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Memo
  The husband turned to his wife and slapped her across the face during the show.  He was escorted out by security but left his wife there! 

 

At the next show, I was working at the security desk when a parent dropped her child off and signed him in at the wrong show and went to sit in the audience waiting for this little boy to come on stage. We couldn't reach this mother on her cell phone because it was turned off in the theater.  When she came to pick him up, she started yelling at us that it was our fault that this happened and that she was certain he was supposed to be in this show.

 

OMG these are great. I must say that I am always apalled when a parent gets upset when they have obviously made a mistake since the whole rest of the class is there or not there and they blame the studio and swear it is not on the paperwork or the internet or on the board, or they were not called. If it were me I would slink away or just aplogize.

 

I was also at a competition where a lady asked another woman to sit down after the woman had crossed in and out of the seats 4 times while her child was dancing the the woman who would not sit down pulled the hair of and slapped the other woman. Apalled is not even the word.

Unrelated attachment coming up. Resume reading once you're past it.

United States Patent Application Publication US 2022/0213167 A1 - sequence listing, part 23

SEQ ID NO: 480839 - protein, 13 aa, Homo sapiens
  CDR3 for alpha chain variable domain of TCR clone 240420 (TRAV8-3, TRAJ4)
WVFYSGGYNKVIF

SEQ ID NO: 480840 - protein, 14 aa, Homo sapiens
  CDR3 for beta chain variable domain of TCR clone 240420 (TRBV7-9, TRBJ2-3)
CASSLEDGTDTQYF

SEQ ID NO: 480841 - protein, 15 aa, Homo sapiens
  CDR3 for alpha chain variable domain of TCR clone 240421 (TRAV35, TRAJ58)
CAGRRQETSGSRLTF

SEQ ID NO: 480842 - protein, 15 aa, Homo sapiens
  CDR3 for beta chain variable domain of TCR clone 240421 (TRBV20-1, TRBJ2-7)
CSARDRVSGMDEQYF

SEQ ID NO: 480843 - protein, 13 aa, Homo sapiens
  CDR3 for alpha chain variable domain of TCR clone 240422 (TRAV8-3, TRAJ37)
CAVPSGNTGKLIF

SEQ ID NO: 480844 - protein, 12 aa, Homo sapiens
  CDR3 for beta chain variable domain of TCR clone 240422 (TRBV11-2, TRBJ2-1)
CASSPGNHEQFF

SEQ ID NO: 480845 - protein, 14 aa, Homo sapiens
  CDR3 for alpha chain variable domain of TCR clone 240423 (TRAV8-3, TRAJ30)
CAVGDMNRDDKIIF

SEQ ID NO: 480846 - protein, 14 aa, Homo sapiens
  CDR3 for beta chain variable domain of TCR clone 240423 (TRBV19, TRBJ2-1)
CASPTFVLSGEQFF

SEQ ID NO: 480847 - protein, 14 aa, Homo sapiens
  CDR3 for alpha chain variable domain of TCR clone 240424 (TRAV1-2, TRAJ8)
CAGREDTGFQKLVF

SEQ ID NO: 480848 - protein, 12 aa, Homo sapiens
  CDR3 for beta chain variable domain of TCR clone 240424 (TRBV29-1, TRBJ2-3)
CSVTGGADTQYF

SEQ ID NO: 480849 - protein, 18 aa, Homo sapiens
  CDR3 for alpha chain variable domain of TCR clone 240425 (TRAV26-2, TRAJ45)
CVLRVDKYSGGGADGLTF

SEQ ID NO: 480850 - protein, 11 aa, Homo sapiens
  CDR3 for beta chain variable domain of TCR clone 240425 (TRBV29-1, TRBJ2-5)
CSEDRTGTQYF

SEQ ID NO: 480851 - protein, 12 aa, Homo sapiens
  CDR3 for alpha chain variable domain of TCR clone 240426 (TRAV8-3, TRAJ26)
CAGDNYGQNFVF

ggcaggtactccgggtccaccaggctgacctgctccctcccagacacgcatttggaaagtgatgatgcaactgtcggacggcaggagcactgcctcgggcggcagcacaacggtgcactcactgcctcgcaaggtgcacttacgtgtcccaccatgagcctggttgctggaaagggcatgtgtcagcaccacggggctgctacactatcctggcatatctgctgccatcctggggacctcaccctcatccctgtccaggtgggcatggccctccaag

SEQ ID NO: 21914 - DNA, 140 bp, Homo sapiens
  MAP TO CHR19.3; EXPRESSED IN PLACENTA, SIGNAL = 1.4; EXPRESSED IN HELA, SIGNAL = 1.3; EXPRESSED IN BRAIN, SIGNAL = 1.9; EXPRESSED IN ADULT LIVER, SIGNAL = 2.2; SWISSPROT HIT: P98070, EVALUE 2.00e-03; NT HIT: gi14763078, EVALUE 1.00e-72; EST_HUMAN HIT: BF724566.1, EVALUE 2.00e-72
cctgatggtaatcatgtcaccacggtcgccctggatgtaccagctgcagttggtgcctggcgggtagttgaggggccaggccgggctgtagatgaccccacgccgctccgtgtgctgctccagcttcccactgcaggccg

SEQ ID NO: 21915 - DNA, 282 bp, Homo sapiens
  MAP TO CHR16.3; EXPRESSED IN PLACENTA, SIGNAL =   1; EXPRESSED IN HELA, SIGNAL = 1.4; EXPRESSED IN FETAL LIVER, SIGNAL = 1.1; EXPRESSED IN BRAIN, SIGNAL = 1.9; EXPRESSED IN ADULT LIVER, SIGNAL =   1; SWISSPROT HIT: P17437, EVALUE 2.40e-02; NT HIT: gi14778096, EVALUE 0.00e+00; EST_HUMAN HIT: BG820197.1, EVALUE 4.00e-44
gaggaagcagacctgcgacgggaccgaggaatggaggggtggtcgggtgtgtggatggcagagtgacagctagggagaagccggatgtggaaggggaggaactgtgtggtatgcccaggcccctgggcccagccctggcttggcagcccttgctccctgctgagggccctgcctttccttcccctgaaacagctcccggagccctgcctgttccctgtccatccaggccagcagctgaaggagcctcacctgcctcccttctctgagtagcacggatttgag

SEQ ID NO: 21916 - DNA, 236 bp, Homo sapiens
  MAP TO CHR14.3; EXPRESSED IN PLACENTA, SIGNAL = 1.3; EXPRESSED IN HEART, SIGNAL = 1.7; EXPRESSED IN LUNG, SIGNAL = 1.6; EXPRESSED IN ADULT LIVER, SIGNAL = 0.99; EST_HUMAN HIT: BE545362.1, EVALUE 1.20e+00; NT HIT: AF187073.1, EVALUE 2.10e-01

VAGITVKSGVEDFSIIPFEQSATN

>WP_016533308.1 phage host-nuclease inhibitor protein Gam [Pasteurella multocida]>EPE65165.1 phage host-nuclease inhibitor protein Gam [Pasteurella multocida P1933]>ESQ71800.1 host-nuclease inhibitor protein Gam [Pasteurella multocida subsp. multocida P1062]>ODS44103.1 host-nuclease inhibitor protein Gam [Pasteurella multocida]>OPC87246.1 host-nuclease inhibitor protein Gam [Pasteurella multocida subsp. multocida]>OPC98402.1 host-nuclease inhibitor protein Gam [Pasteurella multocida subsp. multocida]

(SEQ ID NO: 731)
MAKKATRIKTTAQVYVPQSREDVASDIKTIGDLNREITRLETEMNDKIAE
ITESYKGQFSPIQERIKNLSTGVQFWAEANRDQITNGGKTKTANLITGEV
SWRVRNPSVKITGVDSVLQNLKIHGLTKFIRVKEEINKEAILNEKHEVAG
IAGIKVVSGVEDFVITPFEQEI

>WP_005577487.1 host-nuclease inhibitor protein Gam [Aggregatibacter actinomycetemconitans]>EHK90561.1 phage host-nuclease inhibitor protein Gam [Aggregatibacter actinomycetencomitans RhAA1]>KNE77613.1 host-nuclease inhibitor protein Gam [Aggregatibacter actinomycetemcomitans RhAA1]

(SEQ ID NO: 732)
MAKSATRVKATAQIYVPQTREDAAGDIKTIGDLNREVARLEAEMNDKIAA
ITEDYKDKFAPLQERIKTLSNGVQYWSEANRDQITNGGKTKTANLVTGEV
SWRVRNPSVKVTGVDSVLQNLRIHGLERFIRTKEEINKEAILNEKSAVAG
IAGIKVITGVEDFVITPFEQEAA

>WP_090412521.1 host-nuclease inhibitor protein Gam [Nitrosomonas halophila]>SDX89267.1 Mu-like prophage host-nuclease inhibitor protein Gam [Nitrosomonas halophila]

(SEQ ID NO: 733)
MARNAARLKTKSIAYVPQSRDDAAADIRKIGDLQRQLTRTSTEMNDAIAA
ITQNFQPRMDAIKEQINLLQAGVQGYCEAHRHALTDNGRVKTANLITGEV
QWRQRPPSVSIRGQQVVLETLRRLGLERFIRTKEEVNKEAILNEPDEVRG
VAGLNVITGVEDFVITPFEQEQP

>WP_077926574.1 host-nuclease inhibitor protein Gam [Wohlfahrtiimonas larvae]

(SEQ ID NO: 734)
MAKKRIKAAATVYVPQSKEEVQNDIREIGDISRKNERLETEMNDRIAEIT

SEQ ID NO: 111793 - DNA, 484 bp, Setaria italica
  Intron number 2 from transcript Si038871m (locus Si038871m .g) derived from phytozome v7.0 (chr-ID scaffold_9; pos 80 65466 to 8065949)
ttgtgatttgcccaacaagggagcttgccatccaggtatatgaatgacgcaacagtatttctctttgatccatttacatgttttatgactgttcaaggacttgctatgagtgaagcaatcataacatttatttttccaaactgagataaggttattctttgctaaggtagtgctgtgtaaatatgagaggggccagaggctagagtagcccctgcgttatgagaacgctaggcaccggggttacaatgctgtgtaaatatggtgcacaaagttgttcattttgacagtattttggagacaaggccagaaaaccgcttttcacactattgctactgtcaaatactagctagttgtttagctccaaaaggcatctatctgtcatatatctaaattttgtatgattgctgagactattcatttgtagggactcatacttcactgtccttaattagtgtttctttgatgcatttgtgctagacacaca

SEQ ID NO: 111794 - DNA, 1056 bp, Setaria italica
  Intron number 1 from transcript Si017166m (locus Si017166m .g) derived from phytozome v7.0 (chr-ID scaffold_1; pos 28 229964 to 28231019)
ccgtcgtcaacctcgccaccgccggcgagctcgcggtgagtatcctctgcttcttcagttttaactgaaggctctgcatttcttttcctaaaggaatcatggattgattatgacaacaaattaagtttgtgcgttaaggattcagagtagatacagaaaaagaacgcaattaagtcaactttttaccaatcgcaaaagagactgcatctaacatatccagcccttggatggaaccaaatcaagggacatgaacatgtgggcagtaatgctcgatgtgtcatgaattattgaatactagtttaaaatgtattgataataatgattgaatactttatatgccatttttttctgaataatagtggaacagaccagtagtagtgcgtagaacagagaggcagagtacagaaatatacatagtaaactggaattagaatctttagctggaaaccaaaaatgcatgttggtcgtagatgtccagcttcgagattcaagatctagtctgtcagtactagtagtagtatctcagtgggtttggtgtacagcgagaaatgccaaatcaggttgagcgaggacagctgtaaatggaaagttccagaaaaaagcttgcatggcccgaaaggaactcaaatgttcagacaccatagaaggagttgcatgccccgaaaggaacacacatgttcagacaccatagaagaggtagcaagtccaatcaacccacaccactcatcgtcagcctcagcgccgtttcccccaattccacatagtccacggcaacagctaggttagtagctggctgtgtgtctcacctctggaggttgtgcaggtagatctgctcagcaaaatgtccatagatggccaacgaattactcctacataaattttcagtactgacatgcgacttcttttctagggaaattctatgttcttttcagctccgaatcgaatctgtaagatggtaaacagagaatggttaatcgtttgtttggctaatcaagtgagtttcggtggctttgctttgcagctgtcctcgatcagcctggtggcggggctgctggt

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Taradriver

We always announce no flash photography at every performance and there is ALWAYS someone who thinks it doesn't mean them. I have been sorely tempted to just stroll on over sometimes and ask the paparazzi/mamarazzi to stop or leave the theatre. Our no flash plea is a little too polite for me; I'd like to get up there on stage before the show & tell them if my DD is injured because of their flash, they can meet us in court.

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Gremlin
Our no flash plea is a little too polite for me; I'd like to get up there on stage before the show & tell them if my DD is injured because of their flash, they can meet us in court.

 

I thought I was the only one who felt this way.

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icbeckyc

I don't understand while people don't know how to behave in public. Growing up we were always expected to sit quitely during performances and wait for intermissions, even school plays.

 

We had to flash photography at one recital. The lady didn't just take pictures she stood up in front of me waited for the best time and took the picture. After a couple of time I asked her to stop it that it isn't allowed and I can't see. She got VERY mad at me. Then got mad because I was making her miss her daughter's dance. Well I was missing my daughters dance as well.